By the time you read this, the local elections will have been and gone. Quite honestly I’ve lost interest. If there’s something guaranteed to turn you off local politics, it’s following local politicians on Twitter. The hair pulling and tit-for-tat that goes on between wannabe (and indeed existing) councillors on this so-called social networking website, has been anything but sociable. What’s the big fuss anyway? Once they’re in they will spend the next five years arguing about dog muck and who’s supposed to mow the grass in the cemetery. Important stuff granted, but come on girls, play nicely.
So, if the new guard hasn’t taken control of the South Shropshire Journal you will have read the first bit of this column, and if you live in Ludlow or its environs (or anywhere else for that matter) you can look forward to this town putting on a socking great party that celebrates victuals and grog. The Ludlow Spring Food Festival is like the sexy but demure sister of the big September event. Both equally luscious in their own way, but the spring one for me has the edge.
The Spring Event has a big old beardy beer tent and here Shropshire does its thing better than anyone else in the world. We are a county of understatement and quiet plodding, but we brew beer like nobody else. The sausages, the bread, the E-type Jags and Alvises (the Marches Transport Festival runs concurrently in the castle grounds) and a bit of iffy folk music is just so very British. And it takes place in May, the most splendid, verdant British month. A big hug of a festival that shows off what we do best in this not-so-quiet corner of England. And it makes me jolly proud to be a Shropshire Lad.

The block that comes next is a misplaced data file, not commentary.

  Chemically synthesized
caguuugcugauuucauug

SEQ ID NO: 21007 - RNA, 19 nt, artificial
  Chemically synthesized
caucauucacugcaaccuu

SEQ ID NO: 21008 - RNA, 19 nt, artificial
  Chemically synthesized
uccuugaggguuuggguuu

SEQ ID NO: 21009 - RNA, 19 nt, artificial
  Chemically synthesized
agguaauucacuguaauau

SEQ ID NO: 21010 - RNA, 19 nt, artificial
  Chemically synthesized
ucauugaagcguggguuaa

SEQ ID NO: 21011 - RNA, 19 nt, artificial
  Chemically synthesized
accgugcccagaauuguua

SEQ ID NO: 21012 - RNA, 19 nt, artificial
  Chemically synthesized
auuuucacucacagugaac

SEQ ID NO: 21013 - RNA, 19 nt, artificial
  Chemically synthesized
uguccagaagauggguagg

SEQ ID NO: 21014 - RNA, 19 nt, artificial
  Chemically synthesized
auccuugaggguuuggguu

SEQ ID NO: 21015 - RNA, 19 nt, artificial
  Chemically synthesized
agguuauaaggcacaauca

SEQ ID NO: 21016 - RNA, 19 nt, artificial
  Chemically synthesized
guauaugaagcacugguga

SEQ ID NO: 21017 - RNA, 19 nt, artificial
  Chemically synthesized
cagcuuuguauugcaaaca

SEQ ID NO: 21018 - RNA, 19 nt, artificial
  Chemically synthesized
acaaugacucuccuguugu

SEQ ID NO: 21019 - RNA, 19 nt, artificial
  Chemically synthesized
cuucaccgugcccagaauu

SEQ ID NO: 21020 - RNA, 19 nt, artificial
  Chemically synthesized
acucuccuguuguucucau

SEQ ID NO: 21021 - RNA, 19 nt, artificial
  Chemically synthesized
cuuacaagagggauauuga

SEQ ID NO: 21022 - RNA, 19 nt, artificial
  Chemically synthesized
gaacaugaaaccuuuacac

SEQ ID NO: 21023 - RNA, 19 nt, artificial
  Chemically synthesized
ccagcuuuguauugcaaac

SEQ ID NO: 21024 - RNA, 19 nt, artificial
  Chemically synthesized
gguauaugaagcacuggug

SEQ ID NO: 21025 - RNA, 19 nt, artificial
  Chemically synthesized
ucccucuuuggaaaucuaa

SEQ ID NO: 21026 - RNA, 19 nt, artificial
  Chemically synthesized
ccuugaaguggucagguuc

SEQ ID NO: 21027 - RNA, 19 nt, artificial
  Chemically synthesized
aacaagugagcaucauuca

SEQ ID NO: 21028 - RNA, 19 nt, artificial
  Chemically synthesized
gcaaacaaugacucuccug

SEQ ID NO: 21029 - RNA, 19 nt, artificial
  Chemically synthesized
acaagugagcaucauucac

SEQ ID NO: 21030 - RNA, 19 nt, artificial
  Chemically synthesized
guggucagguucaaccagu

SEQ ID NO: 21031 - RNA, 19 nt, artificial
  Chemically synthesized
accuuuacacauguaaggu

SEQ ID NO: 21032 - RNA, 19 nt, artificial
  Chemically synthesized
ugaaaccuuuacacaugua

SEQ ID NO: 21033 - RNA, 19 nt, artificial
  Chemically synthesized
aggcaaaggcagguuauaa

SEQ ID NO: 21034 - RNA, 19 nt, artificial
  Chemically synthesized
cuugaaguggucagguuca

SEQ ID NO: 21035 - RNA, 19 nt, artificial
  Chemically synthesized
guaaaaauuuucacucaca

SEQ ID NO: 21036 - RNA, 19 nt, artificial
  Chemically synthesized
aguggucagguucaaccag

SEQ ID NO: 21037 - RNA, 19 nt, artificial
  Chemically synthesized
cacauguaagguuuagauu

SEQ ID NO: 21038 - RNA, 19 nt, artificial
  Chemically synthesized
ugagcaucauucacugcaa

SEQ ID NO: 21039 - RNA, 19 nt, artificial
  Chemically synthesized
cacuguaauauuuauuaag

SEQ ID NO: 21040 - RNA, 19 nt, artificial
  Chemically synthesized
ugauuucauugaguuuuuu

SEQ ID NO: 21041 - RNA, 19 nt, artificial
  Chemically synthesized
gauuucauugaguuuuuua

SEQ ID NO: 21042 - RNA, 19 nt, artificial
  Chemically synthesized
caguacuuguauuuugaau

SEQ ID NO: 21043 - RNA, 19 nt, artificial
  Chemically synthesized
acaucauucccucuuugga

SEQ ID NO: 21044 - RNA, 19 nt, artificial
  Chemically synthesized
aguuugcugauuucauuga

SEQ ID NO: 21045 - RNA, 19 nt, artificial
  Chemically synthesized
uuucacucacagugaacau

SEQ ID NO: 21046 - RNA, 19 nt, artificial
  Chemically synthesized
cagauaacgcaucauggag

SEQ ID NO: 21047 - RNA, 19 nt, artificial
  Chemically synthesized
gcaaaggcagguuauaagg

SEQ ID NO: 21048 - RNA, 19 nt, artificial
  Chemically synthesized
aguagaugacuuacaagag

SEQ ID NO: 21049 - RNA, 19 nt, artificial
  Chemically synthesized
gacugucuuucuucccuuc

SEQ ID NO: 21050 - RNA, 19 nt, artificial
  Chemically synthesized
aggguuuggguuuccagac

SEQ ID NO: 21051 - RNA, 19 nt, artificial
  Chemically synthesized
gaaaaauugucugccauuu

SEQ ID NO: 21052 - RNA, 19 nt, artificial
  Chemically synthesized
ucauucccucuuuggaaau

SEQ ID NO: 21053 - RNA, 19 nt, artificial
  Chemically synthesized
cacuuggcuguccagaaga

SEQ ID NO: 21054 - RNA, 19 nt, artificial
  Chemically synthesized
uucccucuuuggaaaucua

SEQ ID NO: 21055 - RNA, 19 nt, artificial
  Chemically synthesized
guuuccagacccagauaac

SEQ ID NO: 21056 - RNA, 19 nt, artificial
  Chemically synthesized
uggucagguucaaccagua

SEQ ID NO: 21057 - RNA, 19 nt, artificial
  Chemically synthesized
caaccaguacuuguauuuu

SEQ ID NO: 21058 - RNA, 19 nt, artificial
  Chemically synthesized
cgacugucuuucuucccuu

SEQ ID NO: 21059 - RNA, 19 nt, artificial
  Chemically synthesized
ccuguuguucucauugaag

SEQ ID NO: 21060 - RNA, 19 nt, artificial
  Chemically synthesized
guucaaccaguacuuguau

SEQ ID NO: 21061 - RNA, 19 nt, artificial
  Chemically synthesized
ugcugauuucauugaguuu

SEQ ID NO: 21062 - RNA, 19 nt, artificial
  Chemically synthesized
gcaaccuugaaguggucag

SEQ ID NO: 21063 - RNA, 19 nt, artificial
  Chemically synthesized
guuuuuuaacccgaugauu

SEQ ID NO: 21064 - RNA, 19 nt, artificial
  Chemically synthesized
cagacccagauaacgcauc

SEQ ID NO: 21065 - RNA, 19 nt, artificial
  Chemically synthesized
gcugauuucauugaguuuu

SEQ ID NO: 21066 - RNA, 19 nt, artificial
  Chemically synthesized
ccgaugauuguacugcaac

Whilst Ludlow’s gastronomic crown may have slipped and slided around on her head over the years, it’s these weekend-long jollies that keep her steady. Michelin stars come and go, but the festivals make life gastronomically and socially sound in this town. The May Fair last weekend will no doubt have attracted it’s usual tedious dose of NIMBYism from Disgusted of Ludlow; “The helter-skelter was virtually in the upstairs drawing room, simply ghastly. And the smell of fried onions, uugh.” but actually, it all adds to the fun of living in a market town.
Festivals and fairs make places tick, whether you like them or not. Communities come together and celebrate the good things - bangers or candyfloss- and others flock in from afar and point out the things that we as natives take for granted: low house prices, friendly smiles from strangers, quirky independent shops, omnipresent dog poo, untended graveyards…We live in a good place. Let’s enjoy it.